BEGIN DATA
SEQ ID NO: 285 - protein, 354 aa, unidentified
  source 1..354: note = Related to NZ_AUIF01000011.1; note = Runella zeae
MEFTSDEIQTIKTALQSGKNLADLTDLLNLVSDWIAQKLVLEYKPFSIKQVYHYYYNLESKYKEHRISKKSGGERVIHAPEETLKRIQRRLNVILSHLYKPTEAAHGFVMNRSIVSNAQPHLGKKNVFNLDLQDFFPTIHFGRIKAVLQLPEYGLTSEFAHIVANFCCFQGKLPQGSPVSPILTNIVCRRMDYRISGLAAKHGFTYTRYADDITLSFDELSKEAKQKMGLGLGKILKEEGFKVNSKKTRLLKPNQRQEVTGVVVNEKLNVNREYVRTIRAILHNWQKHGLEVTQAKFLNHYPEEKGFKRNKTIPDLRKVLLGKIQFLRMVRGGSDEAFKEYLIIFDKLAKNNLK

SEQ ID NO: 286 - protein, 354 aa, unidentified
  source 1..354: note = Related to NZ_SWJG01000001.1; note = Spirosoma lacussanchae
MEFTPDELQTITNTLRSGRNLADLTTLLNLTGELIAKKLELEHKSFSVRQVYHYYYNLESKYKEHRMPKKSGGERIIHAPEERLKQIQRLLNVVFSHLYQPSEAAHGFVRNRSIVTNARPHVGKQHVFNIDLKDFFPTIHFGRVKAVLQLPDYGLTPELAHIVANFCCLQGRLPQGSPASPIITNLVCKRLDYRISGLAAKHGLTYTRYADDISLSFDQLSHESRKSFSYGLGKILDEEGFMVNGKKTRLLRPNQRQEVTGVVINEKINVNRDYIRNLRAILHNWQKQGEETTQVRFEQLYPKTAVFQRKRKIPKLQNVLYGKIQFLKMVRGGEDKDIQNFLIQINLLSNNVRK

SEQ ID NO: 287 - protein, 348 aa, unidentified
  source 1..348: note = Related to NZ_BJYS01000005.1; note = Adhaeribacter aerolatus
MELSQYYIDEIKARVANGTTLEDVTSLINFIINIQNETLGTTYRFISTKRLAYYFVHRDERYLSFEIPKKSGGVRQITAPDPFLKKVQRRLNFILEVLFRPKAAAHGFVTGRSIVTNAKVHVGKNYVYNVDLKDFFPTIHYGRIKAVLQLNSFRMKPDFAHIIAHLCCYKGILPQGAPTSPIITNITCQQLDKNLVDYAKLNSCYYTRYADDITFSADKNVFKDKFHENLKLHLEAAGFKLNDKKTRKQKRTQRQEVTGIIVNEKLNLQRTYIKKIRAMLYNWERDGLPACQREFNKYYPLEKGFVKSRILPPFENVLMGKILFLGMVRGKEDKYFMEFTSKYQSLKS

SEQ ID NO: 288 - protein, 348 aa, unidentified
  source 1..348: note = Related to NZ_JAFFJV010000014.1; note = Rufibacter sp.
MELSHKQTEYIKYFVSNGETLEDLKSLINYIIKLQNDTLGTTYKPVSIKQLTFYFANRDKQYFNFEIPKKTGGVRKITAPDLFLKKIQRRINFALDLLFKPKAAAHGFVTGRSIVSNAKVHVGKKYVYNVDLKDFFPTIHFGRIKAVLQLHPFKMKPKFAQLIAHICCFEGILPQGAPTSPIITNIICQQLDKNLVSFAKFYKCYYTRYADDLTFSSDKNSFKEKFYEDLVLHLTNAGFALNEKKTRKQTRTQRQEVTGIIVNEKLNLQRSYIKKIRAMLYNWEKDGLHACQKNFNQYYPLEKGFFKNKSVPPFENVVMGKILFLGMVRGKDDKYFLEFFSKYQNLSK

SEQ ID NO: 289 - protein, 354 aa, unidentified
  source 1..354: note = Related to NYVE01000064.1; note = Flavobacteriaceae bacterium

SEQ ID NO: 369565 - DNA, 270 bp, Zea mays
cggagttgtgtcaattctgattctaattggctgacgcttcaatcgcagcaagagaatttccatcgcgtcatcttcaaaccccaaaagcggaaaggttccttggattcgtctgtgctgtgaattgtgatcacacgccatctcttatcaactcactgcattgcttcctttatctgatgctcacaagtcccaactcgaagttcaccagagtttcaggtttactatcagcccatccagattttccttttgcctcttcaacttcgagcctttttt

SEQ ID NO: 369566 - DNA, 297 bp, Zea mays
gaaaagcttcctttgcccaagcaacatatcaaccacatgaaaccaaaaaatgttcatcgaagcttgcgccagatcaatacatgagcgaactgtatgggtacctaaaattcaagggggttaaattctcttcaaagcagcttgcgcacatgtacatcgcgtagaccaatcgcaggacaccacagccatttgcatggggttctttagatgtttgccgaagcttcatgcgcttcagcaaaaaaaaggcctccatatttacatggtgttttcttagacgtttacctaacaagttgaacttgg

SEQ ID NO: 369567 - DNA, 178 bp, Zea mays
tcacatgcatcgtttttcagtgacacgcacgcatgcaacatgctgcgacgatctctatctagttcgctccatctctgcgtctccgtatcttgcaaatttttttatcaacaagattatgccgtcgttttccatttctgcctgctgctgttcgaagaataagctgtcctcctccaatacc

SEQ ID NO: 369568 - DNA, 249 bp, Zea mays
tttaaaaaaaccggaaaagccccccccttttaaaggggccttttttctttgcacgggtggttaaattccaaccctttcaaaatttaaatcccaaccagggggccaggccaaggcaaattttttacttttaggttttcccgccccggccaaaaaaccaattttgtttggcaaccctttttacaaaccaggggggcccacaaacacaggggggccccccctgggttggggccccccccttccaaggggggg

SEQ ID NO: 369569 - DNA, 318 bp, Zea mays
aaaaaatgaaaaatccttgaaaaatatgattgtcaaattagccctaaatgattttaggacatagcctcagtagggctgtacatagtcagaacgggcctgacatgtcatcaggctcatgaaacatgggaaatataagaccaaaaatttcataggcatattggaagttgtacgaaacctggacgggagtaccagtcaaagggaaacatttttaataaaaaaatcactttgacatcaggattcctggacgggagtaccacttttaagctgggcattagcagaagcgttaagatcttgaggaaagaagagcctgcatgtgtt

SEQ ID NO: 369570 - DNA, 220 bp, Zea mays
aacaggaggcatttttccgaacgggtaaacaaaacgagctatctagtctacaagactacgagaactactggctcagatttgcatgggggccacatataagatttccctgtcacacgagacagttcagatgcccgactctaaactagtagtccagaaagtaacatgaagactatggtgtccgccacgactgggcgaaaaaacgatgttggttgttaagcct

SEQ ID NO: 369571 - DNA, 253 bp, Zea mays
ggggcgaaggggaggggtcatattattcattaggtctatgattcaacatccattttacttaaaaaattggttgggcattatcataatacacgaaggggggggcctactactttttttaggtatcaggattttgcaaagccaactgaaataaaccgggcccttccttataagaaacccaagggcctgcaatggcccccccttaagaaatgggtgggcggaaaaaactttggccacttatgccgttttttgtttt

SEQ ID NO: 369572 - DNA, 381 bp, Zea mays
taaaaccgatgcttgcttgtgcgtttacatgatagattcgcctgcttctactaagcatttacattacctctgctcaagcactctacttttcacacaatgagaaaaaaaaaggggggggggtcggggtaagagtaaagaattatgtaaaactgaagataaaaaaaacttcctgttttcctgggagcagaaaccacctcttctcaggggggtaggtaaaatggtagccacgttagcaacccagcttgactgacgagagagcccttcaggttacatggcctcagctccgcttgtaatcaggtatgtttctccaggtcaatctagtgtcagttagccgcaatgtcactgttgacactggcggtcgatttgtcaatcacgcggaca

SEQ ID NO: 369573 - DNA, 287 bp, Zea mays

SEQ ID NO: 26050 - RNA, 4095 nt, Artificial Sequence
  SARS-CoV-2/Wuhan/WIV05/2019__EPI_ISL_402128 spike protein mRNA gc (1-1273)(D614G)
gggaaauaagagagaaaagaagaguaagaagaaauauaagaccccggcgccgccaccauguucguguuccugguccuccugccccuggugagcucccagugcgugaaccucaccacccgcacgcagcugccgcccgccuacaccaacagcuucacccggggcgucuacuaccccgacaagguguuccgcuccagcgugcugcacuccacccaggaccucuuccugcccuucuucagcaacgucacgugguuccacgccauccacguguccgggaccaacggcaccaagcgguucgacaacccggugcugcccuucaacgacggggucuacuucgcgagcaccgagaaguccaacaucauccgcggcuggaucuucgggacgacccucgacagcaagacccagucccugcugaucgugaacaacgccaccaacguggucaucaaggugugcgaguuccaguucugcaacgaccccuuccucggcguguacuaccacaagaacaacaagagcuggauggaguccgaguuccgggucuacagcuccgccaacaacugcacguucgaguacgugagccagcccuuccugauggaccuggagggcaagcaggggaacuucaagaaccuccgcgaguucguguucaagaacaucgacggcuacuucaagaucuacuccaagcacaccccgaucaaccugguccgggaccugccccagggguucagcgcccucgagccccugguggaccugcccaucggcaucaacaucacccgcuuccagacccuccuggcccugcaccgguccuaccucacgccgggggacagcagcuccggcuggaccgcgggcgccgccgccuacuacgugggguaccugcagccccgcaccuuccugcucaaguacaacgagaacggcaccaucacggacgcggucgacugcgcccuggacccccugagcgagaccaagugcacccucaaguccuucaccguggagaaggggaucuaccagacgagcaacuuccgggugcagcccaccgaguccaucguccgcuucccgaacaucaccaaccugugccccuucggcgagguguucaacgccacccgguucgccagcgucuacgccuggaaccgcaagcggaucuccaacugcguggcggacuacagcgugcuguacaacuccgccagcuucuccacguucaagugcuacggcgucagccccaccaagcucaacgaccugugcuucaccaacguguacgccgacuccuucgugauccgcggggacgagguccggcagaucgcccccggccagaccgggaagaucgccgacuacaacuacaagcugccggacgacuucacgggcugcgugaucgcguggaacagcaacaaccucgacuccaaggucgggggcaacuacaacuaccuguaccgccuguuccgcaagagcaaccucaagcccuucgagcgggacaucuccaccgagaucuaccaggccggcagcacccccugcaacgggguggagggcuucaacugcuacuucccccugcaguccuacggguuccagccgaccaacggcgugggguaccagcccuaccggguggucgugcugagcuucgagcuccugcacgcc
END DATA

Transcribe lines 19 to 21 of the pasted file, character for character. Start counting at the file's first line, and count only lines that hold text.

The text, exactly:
SEQ ID NO: 369567 - DNA, 178 bp, Zea mays
tcacatgcatcgtttttcagtgacacgcacgcatgcaacatgctgcgacgatctctatctagttcgctccatctctgcgtctccgtatcttgcaaatttttttatcaacaagattatgccgtcgttttccatttctgcctgctgctgttcgaagaataagctgtcctcctccaatacc

SEQ ID NO: 369568 - DNA, 249 bp, Zea mays